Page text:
vote down three of four proposed Honor System reforms
proposals intended to improve the consistency of honor trial verdicts
went down to defeat in a four-day student referendum that concluded
March 1. A fourth ballot item, intended to allow accused students
to take a more active role in their defense, was approved.
to the student-run Honor System require a three-fifths affirmative
vote, with at least 10 percent of the student body participating.
The online election drew a healthy 46.5 percent voter turnout,
but none of the three defeated proposals won even a majority.
were really particularly heartened by the turnout," said
Thomas Hall, the chair of the Honor
Committee, who was overwhelmingly re-elected as a representative
from the College of Arts & Sciences. "It shows that the
Honor System is alive and well, and that students are tuned into
we were disappointed with the way things fell out. We still have
concerns with the consistency of the system." He said the
committee will explore other possible ways to improve that consistency
in the coming months.
lone successful proposal changed the language of the honor constitution
to reflect that accused students would be "assisted"
instead of "represented"
by counsel. It received support from 69.5 percent of voters.
second item, which would have automatically labeled all accusations
of academic fraud as "serious," received only 44 percent
support. That means that honor juries must still determine whether
an act of cheating is serious enough to warrant conviction
and expulsion, the only sanction permitted under the 158-year-old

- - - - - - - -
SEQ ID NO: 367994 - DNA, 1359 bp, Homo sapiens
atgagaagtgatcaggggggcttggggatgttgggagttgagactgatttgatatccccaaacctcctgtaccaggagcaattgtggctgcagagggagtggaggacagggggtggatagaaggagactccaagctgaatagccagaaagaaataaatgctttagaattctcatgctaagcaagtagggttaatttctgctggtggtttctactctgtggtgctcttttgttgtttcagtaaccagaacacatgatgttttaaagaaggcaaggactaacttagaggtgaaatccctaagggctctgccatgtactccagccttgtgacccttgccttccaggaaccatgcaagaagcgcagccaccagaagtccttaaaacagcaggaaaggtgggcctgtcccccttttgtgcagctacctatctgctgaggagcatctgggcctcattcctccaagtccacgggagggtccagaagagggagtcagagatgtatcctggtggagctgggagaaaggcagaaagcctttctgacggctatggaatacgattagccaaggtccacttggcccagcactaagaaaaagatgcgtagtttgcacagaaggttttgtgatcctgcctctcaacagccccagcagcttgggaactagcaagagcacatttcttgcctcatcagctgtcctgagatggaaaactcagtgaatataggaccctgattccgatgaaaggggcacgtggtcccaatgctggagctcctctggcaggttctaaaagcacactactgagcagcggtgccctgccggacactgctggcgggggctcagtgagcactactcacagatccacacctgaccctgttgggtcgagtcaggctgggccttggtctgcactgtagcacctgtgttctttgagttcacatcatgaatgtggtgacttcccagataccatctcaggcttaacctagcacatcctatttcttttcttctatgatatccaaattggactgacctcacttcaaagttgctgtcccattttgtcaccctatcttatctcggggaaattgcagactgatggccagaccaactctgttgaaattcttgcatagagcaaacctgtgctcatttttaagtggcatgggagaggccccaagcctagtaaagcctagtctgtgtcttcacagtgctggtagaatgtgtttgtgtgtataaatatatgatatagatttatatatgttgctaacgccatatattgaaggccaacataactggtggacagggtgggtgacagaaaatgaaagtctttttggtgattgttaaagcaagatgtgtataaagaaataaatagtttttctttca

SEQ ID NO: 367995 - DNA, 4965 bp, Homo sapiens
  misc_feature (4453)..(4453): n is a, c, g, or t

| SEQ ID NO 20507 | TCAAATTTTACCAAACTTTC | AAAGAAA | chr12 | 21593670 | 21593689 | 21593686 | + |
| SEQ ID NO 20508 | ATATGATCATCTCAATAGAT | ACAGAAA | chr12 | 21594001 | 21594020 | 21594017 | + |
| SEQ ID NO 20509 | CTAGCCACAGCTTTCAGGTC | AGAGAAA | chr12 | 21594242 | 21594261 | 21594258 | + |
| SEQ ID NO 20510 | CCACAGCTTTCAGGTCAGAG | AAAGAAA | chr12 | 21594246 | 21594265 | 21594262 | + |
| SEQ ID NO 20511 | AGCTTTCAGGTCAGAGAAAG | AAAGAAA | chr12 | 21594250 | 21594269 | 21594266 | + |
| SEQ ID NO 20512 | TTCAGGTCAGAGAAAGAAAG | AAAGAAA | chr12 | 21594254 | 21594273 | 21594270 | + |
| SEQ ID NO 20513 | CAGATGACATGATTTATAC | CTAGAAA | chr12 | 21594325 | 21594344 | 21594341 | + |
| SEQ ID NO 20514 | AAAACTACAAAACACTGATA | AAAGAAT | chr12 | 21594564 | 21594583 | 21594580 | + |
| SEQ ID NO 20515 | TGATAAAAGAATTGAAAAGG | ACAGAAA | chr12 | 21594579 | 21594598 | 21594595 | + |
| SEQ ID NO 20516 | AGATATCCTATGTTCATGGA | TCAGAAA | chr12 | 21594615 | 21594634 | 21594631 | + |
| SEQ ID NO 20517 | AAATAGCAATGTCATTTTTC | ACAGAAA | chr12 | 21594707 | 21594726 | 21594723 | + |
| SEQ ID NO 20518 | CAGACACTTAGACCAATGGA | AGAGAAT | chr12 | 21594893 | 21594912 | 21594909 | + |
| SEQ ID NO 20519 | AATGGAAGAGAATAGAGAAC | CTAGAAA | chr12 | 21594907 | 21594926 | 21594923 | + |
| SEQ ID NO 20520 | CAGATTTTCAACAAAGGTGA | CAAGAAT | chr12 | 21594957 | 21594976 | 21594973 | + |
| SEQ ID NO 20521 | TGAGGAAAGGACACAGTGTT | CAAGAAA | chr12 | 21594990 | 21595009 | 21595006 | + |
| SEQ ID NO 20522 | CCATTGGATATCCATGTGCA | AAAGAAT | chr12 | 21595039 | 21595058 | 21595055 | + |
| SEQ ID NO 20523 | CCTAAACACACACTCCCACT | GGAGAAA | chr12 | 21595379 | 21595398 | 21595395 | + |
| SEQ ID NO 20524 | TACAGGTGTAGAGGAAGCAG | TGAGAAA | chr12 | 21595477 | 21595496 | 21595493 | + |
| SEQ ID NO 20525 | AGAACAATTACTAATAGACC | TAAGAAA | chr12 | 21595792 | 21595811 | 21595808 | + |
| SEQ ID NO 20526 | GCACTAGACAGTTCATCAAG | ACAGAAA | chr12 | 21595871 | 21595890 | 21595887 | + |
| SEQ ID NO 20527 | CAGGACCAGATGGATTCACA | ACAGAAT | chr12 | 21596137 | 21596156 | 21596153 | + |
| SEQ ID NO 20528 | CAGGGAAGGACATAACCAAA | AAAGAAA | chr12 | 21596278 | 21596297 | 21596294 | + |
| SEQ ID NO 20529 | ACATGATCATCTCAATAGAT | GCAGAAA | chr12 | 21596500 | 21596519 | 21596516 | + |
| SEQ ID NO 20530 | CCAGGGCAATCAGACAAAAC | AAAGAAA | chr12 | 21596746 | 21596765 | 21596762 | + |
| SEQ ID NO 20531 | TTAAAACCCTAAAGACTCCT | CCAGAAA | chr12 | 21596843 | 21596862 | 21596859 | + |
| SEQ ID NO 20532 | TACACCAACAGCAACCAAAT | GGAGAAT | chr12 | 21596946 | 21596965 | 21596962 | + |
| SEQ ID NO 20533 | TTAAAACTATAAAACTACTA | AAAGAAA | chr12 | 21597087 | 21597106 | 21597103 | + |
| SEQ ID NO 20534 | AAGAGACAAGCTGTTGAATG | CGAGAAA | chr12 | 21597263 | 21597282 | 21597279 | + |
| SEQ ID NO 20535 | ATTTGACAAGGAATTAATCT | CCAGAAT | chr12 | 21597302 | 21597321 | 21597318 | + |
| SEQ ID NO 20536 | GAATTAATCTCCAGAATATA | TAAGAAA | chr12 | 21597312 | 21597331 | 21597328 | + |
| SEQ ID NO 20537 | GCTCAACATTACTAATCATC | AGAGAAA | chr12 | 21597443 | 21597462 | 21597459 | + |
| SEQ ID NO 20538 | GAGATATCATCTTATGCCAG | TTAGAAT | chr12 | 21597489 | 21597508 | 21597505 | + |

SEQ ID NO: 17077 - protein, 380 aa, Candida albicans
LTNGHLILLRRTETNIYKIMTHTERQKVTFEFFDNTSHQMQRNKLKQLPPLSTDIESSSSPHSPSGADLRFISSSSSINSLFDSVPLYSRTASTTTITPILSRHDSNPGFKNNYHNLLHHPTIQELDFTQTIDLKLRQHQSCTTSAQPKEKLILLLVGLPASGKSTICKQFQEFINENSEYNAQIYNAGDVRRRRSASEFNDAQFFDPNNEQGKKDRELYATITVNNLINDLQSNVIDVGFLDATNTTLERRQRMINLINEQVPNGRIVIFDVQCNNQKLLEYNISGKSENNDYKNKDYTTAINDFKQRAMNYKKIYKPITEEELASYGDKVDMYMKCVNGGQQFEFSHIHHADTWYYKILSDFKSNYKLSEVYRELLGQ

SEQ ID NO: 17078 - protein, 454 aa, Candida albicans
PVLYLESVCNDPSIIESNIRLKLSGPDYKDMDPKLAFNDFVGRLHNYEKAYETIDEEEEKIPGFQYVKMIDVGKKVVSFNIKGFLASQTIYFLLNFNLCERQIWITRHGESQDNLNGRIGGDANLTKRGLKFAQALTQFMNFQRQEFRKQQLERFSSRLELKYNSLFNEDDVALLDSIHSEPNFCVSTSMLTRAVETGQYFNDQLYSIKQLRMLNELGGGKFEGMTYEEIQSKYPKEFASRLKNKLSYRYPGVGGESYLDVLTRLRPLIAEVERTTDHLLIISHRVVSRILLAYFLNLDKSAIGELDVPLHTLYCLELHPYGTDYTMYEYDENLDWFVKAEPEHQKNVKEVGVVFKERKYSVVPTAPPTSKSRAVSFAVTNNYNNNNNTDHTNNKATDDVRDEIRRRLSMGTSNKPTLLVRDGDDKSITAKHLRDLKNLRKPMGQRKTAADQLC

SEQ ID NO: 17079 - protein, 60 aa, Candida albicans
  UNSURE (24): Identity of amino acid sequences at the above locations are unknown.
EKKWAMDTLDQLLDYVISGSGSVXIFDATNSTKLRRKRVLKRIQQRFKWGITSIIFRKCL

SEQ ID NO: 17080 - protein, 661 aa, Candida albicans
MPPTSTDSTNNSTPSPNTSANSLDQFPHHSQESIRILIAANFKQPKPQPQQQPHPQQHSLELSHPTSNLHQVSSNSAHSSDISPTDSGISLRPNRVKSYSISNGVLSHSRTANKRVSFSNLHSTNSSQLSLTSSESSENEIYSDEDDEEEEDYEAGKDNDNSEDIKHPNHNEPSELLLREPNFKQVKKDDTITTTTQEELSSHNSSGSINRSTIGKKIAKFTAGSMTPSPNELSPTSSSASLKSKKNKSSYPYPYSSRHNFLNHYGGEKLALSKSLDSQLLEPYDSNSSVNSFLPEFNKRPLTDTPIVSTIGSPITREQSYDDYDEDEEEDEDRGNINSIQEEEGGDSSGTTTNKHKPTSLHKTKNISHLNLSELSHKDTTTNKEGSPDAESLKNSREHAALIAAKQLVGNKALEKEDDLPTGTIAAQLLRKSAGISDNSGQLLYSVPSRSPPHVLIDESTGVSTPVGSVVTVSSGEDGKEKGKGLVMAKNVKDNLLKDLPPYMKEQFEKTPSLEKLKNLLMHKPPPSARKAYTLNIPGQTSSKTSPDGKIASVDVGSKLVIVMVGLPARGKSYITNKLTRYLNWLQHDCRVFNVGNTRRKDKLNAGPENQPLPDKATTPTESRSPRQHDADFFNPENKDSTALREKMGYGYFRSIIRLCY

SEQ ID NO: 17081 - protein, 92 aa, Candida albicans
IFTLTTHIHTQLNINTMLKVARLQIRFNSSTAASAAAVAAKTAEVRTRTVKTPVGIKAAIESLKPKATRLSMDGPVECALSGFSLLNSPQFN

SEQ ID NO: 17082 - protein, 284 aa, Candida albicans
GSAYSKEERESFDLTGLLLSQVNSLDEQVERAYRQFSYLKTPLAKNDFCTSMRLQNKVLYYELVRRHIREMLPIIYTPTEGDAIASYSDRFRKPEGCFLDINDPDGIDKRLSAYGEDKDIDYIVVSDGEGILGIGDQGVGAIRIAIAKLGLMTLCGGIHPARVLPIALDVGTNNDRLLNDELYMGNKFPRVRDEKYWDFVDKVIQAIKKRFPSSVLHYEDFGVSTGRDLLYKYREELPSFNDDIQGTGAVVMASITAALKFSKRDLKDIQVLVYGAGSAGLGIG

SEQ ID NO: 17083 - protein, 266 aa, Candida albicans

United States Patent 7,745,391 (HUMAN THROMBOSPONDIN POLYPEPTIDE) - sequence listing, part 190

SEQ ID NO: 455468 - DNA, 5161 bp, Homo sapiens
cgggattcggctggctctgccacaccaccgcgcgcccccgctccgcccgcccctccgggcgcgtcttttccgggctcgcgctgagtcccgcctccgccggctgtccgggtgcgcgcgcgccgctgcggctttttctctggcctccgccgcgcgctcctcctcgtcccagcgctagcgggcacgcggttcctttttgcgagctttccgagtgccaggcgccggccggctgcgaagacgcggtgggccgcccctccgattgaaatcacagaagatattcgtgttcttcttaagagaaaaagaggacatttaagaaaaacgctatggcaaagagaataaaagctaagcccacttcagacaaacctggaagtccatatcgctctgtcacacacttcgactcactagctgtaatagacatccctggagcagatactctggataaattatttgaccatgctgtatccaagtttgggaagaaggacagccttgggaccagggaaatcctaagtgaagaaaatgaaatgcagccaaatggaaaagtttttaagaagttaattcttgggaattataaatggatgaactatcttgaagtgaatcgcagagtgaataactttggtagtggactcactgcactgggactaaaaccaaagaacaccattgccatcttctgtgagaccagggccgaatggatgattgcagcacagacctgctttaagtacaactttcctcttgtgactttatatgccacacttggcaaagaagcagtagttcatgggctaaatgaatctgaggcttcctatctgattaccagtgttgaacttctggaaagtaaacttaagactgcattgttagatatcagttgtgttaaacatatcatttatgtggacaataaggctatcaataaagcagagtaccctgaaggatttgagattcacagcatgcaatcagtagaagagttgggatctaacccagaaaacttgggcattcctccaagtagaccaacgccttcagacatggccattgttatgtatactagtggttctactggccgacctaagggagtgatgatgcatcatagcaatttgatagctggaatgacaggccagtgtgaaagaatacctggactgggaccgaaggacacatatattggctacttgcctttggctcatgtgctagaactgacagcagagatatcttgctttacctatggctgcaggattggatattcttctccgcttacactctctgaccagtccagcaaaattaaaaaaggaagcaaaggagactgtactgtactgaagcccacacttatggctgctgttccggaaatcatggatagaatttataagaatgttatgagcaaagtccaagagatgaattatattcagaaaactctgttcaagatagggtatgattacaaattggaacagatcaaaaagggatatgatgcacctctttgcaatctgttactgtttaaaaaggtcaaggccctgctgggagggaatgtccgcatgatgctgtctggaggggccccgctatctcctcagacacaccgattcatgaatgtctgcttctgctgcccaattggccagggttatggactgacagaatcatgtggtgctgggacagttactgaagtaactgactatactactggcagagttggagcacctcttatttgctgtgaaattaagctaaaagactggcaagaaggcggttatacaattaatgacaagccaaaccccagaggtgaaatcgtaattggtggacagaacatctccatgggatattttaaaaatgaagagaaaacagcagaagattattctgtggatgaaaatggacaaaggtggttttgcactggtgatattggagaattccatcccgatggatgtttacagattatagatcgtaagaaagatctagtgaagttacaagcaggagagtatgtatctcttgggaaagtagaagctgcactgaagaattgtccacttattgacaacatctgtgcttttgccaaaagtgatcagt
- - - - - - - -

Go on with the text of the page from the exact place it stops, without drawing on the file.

third ballot question, which would have done away with juries
composed entirely of randomly selected students, received 43 percent
support. If it had succeeded, accused students would have had
the option of being judged by either mixed panels of randomly
selected students and Honor Committee members, or by panels composed
only of committee members.
fourth, two-pronged proposal would have altered the composition
of mixed juries and lowered the standard for determining guilt
from a four-fifths jury vote to two-thirds. That proposal drew
46 percent support.
Rainey, who chairs the Board of Visitors' Student Affairs
and Athletics Committee, said he did not know what response, if
any, the board would have to the three proposals' defeat,
but said members were "strongly supportive of the Honor System."
Honor Committee's proposals would, in my opinion, have strengthened
the Honor System. But the students have spoken and it is a student-run
system," said Rainey, who praised the members of the Honor
should also not lose sight of the fact that the Honor System Review
Commission made a number of positive recommendations [that] did
not require a constitutional vote and those are being implemented
by the Honor Committee and will improve the system," he added.
Werhane, a Darden School faculty member who chairs the Faculty
Senate, said the results caught her by surprise "because
the students worked so hard, and had done a lot of publicity,"
she said. "Maybe it's because the system works pretty
well. It's not broken, although some of my colleagues might
too, was pleased to see the high level of turnout. "[The
referenda] got the notion of honor and the Honor System on everybody's
radar screen, and it's hard to do that year after year. Also,
it reminds the faculty, too.
I think some good will come
out of this."